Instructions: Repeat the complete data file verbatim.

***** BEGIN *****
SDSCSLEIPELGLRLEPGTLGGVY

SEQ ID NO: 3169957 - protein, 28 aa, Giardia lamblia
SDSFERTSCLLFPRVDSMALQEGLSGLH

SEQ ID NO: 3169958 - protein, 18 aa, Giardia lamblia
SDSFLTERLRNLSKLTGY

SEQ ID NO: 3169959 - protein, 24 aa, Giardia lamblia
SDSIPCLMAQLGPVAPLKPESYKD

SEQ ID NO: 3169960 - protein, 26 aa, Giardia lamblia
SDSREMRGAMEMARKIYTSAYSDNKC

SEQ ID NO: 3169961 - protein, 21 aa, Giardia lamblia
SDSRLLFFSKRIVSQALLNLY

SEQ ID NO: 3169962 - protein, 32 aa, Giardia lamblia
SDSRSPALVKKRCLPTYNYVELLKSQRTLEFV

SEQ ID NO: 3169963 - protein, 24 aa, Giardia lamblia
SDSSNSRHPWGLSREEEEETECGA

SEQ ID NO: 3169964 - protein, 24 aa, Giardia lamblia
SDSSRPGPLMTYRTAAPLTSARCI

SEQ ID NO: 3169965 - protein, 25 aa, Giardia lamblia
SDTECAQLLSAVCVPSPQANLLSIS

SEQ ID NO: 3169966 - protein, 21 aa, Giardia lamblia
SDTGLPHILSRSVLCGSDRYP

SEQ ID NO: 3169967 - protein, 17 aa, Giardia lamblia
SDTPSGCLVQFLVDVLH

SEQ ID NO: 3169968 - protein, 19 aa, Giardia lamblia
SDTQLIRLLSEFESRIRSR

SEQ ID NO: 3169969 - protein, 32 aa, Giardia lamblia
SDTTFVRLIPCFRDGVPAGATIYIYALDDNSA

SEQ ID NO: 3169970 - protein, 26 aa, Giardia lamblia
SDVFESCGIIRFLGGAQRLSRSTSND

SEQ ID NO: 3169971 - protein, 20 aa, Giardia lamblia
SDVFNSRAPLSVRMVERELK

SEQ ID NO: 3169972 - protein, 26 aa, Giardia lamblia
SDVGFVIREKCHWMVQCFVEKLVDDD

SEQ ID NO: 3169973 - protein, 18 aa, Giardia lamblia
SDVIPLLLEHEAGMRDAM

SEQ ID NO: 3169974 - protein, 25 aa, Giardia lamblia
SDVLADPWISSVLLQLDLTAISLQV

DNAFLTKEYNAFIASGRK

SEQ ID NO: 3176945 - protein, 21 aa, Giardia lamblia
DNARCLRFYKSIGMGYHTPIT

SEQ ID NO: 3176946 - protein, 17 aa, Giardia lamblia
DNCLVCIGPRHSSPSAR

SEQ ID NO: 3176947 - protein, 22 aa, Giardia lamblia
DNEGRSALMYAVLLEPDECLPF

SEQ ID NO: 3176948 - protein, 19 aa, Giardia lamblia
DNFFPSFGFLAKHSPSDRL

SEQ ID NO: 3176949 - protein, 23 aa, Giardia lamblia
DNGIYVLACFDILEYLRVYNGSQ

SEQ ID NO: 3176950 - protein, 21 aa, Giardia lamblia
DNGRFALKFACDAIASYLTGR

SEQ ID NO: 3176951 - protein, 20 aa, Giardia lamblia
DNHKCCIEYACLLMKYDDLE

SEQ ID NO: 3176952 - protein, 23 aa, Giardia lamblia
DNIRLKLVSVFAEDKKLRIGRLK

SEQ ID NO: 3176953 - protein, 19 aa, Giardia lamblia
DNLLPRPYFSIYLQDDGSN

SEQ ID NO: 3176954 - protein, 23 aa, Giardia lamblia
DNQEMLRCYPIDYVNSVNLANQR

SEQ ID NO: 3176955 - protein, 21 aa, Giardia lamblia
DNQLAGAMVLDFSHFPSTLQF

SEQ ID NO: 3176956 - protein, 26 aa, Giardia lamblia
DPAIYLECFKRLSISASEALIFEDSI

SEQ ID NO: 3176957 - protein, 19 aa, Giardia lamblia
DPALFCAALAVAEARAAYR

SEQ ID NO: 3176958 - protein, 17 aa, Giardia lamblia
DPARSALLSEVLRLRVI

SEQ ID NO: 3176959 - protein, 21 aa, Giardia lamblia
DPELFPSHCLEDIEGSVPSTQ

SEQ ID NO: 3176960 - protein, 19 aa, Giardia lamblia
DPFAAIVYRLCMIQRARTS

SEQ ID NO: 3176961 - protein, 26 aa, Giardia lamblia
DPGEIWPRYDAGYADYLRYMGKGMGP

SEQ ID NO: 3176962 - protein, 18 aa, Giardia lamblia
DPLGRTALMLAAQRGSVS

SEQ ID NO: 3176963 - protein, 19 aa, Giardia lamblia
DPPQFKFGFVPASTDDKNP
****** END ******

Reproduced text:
SDSCSLEIPELGLRLEPGTLGGVY

SEQ ID NO: 3169957 - protein, 28 aa, Giardia lamblia
SDSFERTSCLLFPRVDSMALQEGLSGLH

SEQ ID NO: 3169958 - protein, 18 aa, Giardia lamblia
SDSFLTERLRNLSKLTGY

SEQ ID NO: 3169959 - protein, 24 aa, Giardia lamblia
SDSIPCLMAQLGPVAPLKPESYKD

SEQ ID NO: 3169960 - protein, 26 aa, Giardia lamblia
SDSREMRGAMEMARKIYTSAYSDNKC

SEQ ID NO: 3169961 - protein, 21 aa, Giardia lamblia
SDSRLLFFSKRIVSQALLNLY

SEQ ID NO: 3169962 - protein, 32 aa, Giardia lamblia
SDSRSPALVKKRCLPTYNYVELLKSQRTLEFV

SEQ ID NO: 3169963 - protein, 24 aa, Giardia lamblia
SDSSNSRHPWGLSREEEEETECGA

SEQ ID NO: 3169964 - protein, 24 aa, Giardia lamblia
SDSSRPGPLMTYRTAAPLTSARCI

SEQ ID NO: 3169965 - protein, 25 aa, Giardia lamblia
SDTECAQLLSAVCVPSPQANLLSIS

SEQ ID NO: 3169966 - protein, 21 aa, Giardia lamblia
SDTGLPHILSRSVLCGSDRYP

SEQ ID NO: 3169967 - protein, 17 aa, Giardia lamblia
SDTPSGCLVQFLVDVLH

SEQ ID NO: 3169968 - protein, 19 aa, Giardia lamblia
SDTQLIRLLSEFESRIRSR

SEQ ID NO: 3169969 - protein, 32 aa, Giardia lamblia
SDTTFVRLIPCFRDGVPAGATIYIYALDDNSA

SEQ ID NO: 3169970 - protein, 26 aa, Giardia lamblia
SDVFESCGIIRFLGGAQRLSRSTSND

SEQ ID NO: 3169971 - protein, 20 aa, Giardia lamblia
SDVFNSRAPLSVRMVERELK

SEQ ID NO: 3169972 - protein, 26 aa, Giardia lamblia
SDVGFVIREKCHWMVQCFVEKLVDDD

SEQ ID NO: 3169973 - protein, 18 aa, Giardia lamblia
SDVIPLLLEHEAGMRDAM

SEQ ID NO: 3169974 - protein, 25 aa, Giardia lamblia
SDVLADPWISSVLLQLDLTAISLQV

DNAFLTKEYNAFIASGRK

SEQ ID NO: 3176945 - protein, 21 aa, Giardia lamblia
DNARCLRFYKSIGMGYHTPIT

SEQ ID NO: 3176946 - protein, 17 aa, Giardia lamblia
DNCLVCIGPRHSSPSAR

SEQ ID NO: 3176947 - protein, 22 aa, Giardia lamblia
DNEGRSALMYAVLLEPDECLPF

SEQ ID NO: 3176948 - protein, 19 aa, Giardia lamblia
DNFFPSFGFLAKHSPSDRL

SEQ ID NO: 3176949 - protein, 23 aa, Giardia lamblia
DNGIYVLACFDILEYLRVYNGSQ

SEQ ID NO: 3176950 - protein, 21 aa, Giardia lamblia
DNGRFALKFACDAIASYLTGR

SEQ ID NO: 3176951 - protein, 20 aa, Giardia lamblia
DNHKCCIEYACLLMKYDDLE

SEQ ID NO: 3176952 - protein, 23 aa, Giardia lamblia
DNIRLKLVSVFAEDKKLRIGRLK

SEQ ID NO: 3176953 - protein, 19 aa, Giardia lamblia
DNLLPRPYFSIYLQDDGSN

SEQ ID NO: 3176954 - protein, 23 aa, Giardia lamblia
DNQEMLRCYPIDYVNSVNLANQR

SEQ ID NO: 3176955 - protein, 21 aa, Giardia lamblia
DNQLAGAMVLDFSHFPSTLQF

SEQ ID NO: 3176956 - protein, 26 aa, Giardia lamblia
DPAIYLECFKRLSISASEALIFEDSI

SEQ ID NO: 3176957 - protein, 19 aa, Giardia lamblia
DPALFCAALAVAEARAAYR

SEQ ID NO: 3176958 - protein, 17 aa, Giardia lamblia
DPARSALLSEVLRLRVI

SEQ ID NO: 3176959 - protein, 21 aa, Giardia lamblia
DPELFPSHCLEDIEGSVPSTQ

SEQ ID NO: 3176960 - protein, 19 aa, Giardia lamblia
DPFAAIVYRLCMIQRARTS

SEQ ID NO: 3176961 - protein, 26 aa, Giardia lamblia
DPGEIWPRYDAGYADYLRYMGKGMGP

SEQ ID NO: 3176962 - protein, 18 aa, Giardia lamblia
DPLGRTALMLAAQRGSVS

SEQ ID NO: 3176963 - protein, 19 aa, Giardia lamblia
DPPQFKFGFVPASTDDKNP